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Are there any essays or studies naming and analyzing the concept of 'freedom' as developed on the internet?
April 3, 2007 6:56 AM   Subscribe

Are there any essays or studies naming and analyzing the concept of 'freedom' as developed on the internet?

What I mean to say is, there seems to be a strain of ideology that is prevalent amongst serious Internet users: in this highly utopic fashion, it says that things "should" be free. Software "should" be free, operating systems "should" be free, filesharing "should" be free, music "should" be free*. My question is:

What is the source of this? Why are people so easily motivated to become part of it? How does it differ from political ideologies which are so similar and yet so reviled (communism/anarchism)? How has it inoculated itself and separated itself from the bad stigma of aforementioned ideologies?

I know there have been sociological studies on "da internet" before, but I'm looking for something particularly on this topic. If you've any ideas yourself, feel free to contribute.

*not that i disagree with any of this. i'd number myself with them. which is precisely why i want to know why i think this way.
posted by Lockeownzj00 to Society & Culture (14 answers total) 3 users marked this as a favorite
George Lakoff's "Whose Freedom?" offers a really sweet analysis of various meanings of "freedom" as it pertains to both value and liberty, but it doesn't deal specifically with internet copyright type stuff.
posted by solipsophistocracy at 7:20 AM on April 3, 2007

However, I usually hear it as $X wants to be free, not "should be". Not that it literally wants anything, but it acts as if it does--people will find a way to pass along information even if there are barriers to doing so.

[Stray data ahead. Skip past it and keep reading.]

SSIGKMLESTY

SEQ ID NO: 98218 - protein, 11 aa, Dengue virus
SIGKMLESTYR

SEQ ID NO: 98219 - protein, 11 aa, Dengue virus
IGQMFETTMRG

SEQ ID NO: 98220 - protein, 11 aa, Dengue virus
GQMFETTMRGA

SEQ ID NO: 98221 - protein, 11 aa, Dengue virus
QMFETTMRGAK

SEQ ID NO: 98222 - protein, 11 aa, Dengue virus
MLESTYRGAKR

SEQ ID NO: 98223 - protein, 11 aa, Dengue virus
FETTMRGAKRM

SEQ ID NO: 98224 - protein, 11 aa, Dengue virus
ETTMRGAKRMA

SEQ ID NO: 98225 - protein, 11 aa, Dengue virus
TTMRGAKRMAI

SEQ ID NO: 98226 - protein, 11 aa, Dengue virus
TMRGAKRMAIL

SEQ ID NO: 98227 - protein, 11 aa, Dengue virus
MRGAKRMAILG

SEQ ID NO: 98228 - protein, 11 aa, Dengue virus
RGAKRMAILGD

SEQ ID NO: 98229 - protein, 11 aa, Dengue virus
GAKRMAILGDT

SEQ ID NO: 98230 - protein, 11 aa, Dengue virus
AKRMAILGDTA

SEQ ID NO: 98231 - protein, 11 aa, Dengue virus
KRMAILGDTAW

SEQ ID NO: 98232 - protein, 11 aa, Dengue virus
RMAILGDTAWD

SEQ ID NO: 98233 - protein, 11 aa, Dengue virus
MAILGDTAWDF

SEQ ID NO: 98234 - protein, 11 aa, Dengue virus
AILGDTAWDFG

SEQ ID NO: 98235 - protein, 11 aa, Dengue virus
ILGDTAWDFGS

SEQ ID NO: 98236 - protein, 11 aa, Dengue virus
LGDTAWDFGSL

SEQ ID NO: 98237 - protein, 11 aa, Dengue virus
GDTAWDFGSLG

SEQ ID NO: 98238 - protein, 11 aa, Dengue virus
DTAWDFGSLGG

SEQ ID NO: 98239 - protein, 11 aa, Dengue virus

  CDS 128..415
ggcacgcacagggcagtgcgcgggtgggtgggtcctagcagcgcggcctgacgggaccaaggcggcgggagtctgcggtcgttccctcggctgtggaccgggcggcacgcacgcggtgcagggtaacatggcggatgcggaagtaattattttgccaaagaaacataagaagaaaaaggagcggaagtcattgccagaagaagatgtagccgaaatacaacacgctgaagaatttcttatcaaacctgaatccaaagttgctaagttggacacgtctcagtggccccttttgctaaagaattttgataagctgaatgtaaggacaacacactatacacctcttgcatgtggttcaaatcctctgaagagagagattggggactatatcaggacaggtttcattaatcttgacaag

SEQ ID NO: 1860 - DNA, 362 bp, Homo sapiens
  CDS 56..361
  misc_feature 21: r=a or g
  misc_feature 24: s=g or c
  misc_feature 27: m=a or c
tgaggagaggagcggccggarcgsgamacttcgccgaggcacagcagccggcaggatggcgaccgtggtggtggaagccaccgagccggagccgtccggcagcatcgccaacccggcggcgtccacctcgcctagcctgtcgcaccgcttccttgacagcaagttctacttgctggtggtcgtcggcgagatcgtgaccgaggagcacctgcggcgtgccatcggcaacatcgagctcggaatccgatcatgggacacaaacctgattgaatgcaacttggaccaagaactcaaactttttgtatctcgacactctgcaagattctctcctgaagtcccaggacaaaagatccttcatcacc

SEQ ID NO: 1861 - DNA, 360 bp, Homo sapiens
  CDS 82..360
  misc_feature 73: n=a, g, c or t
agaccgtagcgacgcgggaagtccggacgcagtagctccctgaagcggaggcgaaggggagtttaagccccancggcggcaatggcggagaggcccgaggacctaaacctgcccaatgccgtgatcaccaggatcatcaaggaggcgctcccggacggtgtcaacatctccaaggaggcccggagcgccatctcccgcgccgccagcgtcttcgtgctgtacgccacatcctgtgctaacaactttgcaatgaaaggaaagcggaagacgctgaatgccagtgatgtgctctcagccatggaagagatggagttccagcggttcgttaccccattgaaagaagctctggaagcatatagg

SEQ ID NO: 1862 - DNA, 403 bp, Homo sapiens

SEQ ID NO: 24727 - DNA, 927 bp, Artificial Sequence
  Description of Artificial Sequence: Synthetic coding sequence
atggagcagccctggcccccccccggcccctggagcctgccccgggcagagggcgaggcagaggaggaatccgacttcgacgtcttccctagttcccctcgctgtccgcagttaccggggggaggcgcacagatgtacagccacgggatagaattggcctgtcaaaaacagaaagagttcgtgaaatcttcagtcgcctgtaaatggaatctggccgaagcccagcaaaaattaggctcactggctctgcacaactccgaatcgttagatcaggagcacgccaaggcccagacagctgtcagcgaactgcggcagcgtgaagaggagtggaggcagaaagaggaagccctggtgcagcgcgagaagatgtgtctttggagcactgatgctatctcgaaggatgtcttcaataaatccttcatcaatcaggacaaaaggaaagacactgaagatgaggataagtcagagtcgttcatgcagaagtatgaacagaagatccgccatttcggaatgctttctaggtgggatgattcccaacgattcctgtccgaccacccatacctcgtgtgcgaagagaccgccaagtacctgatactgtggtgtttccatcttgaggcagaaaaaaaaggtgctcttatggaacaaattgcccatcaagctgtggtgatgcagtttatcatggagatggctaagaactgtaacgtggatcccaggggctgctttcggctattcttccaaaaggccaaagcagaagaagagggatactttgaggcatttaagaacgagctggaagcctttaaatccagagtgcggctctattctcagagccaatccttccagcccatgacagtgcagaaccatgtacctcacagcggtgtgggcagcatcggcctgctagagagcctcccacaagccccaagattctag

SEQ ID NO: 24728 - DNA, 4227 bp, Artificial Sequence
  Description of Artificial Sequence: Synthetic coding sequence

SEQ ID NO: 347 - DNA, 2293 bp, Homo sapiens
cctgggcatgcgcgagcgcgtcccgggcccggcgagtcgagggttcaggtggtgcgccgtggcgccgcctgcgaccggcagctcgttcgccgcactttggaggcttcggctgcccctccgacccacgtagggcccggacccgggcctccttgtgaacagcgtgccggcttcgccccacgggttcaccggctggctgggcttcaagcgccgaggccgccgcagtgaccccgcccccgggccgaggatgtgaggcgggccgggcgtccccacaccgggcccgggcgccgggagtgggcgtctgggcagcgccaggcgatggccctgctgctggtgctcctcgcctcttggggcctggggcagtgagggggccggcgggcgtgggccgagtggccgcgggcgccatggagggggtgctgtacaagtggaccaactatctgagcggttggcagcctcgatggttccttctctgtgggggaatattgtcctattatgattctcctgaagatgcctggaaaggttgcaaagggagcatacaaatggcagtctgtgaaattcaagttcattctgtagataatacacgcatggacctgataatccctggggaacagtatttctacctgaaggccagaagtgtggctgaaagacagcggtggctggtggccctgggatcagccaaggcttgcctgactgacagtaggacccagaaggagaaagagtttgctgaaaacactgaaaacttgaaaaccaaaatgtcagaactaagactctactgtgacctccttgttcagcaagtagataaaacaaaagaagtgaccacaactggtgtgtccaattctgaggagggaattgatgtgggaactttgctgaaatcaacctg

posted by DU at 7:40 AM on April 3, 2007

Note that there's an important distinction to be made between the people who are saying "Software should be free" and "Operating systems should be free" and then address that "should" by giving away their own work, and those who are saying "Music should be free" and are giving away other people's work.

(And note that the specific freedom of "free software" is the ability to obtain and modify the source code. It's "freedom to tinker" as much as anything else.)
posted by mendel at 7:59 AM on April 3, 2007

Wikipedia article:
Information wants to be free
posted by yohko at 8:02 AM on April 3, 2007

I always thought it started out as a hacker philosophy, and developed from there, but I don't know why I thought that, so I could be completely wrong.
posted by kisch mokusch at 8:17 AM on April 3, 2007

I always thought it started out as a hacker philosophy

Not even a philosophy... more a law of nature, like "water wants to flow downhill". Once something exists digitally, copies Just Happen.

There's a good example of this in Bruce Sterling's The Hacker Crackdown... his description of what happened to the (I think) E911 document after its escape.

If I was going looking for the roots of the "intellectual freedom at all costs" side of the internet, I'd be looking back to the early engineers, where they came from and how they got their jobs done. Biographies might be a good place to start.